Thursday, October 19, 2006

What do "Testator," "Testate," and "Intestate" Mean?

A "testator" is someone who has made a will. If you have made your will, you are the testator of your will.

If you are a woman, you may call yourself the "testatrix," but I prefer to use the term "testator" for either a man or a woman. The reason I like to just say "testator" is not so much a matter of political correctness, as one of pronunciation. I find it easier to say "testator" than "testatrix." Try saying each one three times quickly.

When someone (whether man or woman) dies having made a valid will, he or she has died "testate." If he or she did not have a valid will in effect at death, he or she died "intestate." "Testate" means with a valid will, and "intestate" means without a valid will.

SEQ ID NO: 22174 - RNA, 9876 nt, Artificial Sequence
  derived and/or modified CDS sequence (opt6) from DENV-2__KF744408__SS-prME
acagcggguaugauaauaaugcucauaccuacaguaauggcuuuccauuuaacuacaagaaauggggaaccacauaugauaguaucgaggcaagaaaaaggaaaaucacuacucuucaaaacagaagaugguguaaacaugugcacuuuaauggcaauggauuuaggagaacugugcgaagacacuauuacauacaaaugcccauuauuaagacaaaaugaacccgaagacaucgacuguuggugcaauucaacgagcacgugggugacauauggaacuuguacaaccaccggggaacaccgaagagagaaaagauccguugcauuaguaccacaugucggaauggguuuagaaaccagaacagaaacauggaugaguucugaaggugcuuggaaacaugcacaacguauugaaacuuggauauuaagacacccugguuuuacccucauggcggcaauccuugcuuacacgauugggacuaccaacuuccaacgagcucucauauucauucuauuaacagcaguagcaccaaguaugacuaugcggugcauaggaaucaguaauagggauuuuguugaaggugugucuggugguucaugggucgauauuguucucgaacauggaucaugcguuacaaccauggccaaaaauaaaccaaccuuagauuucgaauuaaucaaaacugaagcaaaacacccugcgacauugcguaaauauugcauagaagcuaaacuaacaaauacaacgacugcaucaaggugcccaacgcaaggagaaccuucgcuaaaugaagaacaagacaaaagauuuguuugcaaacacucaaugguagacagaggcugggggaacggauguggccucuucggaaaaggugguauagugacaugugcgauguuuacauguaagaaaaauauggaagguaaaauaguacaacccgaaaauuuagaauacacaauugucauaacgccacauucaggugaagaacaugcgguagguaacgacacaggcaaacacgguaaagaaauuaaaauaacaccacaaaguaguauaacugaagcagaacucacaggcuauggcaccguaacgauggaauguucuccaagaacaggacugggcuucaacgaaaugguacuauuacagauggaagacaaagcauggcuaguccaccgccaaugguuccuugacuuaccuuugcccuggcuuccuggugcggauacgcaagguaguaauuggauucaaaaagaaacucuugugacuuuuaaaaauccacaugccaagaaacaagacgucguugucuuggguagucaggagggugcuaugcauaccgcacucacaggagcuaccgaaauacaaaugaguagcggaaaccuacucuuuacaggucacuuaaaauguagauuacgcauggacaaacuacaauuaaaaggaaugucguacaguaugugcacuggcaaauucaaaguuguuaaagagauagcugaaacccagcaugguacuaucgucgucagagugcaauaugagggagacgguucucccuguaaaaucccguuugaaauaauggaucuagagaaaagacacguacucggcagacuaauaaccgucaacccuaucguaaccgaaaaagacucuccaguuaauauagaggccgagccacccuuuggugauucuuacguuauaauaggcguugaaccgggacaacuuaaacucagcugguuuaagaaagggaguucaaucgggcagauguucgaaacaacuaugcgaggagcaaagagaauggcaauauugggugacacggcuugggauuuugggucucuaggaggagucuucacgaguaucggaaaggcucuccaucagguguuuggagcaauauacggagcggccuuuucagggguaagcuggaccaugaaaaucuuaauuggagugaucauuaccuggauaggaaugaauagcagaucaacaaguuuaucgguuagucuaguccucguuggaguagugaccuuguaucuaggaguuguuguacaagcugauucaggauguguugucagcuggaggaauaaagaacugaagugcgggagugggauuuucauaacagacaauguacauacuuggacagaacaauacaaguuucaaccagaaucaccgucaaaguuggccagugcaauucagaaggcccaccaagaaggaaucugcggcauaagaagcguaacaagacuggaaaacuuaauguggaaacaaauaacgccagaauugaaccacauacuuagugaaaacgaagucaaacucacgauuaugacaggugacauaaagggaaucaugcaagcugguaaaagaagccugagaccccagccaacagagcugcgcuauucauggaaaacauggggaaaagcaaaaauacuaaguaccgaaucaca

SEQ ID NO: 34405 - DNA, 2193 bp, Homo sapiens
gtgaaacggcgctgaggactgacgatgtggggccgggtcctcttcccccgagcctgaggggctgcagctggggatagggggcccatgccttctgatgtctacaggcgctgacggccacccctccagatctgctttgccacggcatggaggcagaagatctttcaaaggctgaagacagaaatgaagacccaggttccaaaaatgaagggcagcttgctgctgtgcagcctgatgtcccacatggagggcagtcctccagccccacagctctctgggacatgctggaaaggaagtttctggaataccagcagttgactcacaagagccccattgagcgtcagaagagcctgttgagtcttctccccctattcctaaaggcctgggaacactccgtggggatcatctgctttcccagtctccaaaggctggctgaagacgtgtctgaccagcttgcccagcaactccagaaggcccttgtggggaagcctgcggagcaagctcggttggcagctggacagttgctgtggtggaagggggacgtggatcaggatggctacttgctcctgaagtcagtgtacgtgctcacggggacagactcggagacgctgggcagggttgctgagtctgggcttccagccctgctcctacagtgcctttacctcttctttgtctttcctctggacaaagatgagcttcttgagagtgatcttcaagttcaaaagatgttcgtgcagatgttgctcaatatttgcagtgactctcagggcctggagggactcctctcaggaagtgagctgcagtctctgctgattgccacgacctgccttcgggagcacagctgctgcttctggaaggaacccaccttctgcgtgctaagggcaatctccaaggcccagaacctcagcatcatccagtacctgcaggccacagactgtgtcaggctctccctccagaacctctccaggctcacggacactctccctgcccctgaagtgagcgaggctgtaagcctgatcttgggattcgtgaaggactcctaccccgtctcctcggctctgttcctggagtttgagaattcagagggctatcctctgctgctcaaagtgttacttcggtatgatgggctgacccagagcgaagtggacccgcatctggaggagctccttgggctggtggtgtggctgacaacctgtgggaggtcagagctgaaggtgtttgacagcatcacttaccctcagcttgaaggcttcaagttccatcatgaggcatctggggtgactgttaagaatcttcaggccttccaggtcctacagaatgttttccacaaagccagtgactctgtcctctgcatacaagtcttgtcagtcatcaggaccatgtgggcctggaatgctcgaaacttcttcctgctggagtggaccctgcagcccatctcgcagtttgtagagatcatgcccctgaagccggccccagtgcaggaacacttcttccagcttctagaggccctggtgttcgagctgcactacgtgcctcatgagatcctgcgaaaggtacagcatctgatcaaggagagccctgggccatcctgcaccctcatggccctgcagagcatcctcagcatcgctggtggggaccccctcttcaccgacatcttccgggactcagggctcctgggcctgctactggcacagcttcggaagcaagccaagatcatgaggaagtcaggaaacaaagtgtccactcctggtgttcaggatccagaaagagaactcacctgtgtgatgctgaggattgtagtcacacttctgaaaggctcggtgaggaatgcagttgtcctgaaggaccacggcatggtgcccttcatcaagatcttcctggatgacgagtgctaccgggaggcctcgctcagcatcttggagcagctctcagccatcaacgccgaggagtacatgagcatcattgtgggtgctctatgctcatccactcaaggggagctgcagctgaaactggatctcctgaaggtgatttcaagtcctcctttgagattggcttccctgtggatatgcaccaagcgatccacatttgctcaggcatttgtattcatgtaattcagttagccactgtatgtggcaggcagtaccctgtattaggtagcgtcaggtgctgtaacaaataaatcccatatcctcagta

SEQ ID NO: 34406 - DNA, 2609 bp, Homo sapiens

What if the deceased had a valid will that disposed of part of his or her assets, but not everything? Supposing the testator's will left his house to his children, but the did not deal with his other assets. This is called a "partial intestacy."

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